Jim Bishop: January brain freeze-time to chill out

I sat at my computer and in a few seconds came up with a title for this treatise without having the slightest idea what would follow (and in reading this, you’ll probably think that’s still the case).

I thought such an exercise would help prod my mental neurons which seem in a state of general lethargy. Maybe it’s the bitter cold, uninspiring weather that seems to have occupied a stationary front over the central Shenandoah Valley. Maybe it’s the reality of having more month than money; a recurring problem for this financial wizard who should cut his ATM card into pieces and return to a weekly allowance system that his thrifty spouse has already threatened will be the pattern come retirement.

Plus, for the first time in ages, I’m fighting a cold while juggling several deadlines and other commitments, attended two funerals of local acquaintances in a two-week period, already realize how much I miss not doing my weekly “Friday Night Jukebox” radio programs and went ‘round and ‘round in trying to get some straight answers on some health insurance coverage questions – these can combine to foment a despondent mood, if I allow it.

And, I continue to pull one dumb stunt after another – dumping a packet of photos along with my trash in the receptacle at the fast food restaurant, forgetting where I parked my Miata in the shopping center lot and then realizing I’m driving my back-up Neon, repeatedly leaving my cell phone in public places (no one would want my obsolete model).

Which brings me around to asking: why even write about these issues which probably sound petty? Will doing so either jumpstart my sluggish physical vehicle or accelerate a descent into the slough of despondency?

Let’s find out together.

At least we’ve managed to dodge the predicted snow bullet once again even as plummeting temperatures don’t help my standoff battle with the flu bug. And, I’m slowly making headway on projects at work and feel energized by those satisfactorily completed.

Meanwhile, both wife Anna and I find ourselves eyeing the living room sofa and the bedroom divan these days with much yearning, not as a spot for romantic encounters but as an inviting space for taking things lying down.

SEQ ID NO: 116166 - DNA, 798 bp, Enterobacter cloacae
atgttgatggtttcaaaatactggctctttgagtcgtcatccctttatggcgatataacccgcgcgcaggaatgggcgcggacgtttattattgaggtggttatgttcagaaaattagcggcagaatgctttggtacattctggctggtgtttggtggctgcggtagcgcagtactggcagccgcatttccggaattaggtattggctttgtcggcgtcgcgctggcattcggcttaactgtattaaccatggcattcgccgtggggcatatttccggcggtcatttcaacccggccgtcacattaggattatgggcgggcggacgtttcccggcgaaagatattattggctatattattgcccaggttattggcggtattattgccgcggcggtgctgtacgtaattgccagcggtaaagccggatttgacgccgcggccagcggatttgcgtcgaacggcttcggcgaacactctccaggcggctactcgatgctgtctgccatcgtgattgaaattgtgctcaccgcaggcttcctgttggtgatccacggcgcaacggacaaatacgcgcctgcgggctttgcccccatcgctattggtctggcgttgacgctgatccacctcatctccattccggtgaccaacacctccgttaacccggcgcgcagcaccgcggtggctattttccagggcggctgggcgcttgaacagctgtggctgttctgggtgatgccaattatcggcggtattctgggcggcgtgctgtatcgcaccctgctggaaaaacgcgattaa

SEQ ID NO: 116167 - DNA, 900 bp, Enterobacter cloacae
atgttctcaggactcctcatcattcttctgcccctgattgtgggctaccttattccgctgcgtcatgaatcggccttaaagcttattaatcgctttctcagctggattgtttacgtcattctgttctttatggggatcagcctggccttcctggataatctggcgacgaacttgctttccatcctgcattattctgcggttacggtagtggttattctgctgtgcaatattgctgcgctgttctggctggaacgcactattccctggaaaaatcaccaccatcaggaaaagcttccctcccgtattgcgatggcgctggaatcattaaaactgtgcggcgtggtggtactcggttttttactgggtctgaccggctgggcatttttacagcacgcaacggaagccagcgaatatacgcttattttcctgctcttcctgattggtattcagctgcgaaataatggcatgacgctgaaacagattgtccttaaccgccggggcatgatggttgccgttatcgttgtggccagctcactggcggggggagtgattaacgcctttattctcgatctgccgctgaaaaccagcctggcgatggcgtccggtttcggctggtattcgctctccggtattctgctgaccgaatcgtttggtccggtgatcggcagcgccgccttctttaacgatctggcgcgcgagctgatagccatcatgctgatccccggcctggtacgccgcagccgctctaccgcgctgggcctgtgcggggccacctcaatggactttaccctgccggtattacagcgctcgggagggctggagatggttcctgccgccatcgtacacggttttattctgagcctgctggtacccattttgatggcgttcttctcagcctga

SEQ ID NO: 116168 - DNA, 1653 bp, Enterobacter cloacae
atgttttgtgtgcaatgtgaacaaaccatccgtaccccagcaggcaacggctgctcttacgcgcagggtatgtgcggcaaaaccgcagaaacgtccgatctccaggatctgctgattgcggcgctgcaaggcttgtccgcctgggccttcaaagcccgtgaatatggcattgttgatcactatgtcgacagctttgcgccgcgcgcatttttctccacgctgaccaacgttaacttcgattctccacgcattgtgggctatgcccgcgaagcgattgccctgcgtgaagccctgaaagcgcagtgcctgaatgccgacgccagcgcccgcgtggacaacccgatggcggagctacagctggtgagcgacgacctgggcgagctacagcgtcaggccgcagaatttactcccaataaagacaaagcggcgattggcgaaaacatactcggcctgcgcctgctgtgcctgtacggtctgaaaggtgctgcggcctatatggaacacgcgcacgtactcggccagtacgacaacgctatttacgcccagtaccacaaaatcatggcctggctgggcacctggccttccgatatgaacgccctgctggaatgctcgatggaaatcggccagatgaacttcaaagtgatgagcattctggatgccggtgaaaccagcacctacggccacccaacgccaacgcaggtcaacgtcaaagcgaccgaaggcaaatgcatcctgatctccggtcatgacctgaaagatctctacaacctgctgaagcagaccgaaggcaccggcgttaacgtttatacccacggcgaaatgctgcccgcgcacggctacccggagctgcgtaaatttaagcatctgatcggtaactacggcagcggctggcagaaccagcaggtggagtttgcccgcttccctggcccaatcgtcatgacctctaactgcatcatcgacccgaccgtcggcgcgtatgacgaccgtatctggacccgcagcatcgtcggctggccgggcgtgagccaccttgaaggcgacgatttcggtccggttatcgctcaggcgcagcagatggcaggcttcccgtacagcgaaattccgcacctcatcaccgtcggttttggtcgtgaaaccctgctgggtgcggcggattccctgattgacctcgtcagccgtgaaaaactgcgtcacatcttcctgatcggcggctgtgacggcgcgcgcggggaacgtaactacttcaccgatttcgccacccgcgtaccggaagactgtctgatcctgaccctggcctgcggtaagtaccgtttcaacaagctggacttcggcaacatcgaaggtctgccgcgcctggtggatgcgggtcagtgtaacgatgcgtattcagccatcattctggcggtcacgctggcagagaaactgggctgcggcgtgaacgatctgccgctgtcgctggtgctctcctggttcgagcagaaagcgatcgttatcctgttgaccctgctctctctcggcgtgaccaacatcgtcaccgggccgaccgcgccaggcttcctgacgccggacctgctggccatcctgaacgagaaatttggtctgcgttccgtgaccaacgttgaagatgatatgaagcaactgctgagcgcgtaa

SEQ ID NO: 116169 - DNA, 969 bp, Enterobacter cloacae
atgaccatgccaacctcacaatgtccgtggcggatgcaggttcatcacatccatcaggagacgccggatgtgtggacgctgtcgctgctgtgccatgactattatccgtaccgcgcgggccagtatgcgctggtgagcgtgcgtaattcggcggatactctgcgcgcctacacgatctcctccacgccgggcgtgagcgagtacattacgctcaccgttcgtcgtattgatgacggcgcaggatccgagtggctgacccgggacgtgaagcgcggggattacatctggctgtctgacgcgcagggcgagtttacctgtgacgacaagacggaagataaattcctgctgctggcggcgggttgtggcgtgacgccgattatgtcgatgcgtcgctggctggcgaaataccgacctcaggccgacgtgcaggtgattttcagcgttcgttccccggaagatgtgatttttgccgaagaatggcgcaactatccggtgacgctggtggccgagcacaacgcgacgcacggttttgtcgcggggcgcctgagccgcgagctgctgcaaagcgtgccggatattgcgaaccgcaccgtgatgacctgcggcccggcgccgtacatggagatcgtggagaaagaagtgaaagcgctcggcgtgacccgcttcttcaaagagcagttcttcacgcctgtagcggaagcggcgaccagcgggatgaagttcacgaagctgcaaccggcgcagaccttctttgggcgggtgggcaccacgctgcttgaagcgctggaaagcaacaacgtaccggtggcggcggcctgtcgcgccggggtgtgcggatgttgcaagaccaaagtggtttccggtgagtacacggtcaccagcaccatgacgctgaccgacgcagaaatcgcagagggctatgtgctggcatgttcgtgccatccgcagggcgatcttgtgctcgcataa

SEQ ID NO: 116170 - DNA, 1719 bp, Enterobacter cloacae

“I’ll just take a cat nap,” I think to myself, and next thing I know, I awaken to loud purring and a warm, hairy body scrunched up alongside my head, purring loudly, resident feline Avery’s way of welcoming me back to the land of the living.

“But I didn’t intend to zone out for an hour or more,” I complain aloud to my unsympathetic wife who spent that same block of time doing lesson plans, ironing or trying to figure out why the checkbook won’t balance (something to do with missing debit slips).

The biting night air doesn’t particularly invite my venturing out to walk the streets of our development for some much-needed exercise even as the treadmill in our guest room beckons. There is no reasonable excuse not to program a routine and start working off those extra pounds acquired over the Christmas-New Year’s holidays.

“Life is what happens to you while you’re busy making other plans,” the late John Lennon observes in his song, “Beautiful Boy.”

How much of life should be carefully planned and executed, exercising caution in exploring the unknown and taking risks?

I ask myself that as I reflect back on nearly 44 years of sowing word pictures in the journalism field. I never expected to do all that’s come to pass, but wouldn’t go back and trade it for anything, except, perhaps, to pursue additional opportunities in radio that didn’t materialize. Perhaps those weren’t meant to be.

I need to keep working at massaging my brain. Dance is good for that, especially line dancing that requires memorizing patterns and sequences, drawing on the support of fellow high-steppers. I’m contemplating taking piano lessons again, resurrecting a talent that I regrettably allowed to go dormant years ago.

In order to defrost in the dead of winter, I need to read more, watch TV and play on the computer less; exercise more, eat less; empathize and affirm more, criticize less; and pray and meditate more, worry less.

That’s my desire, more or less . . .

Jim Bishop is public information officer at Eastern Mennonite University. He can be contacted at bishopj@emu.edu.



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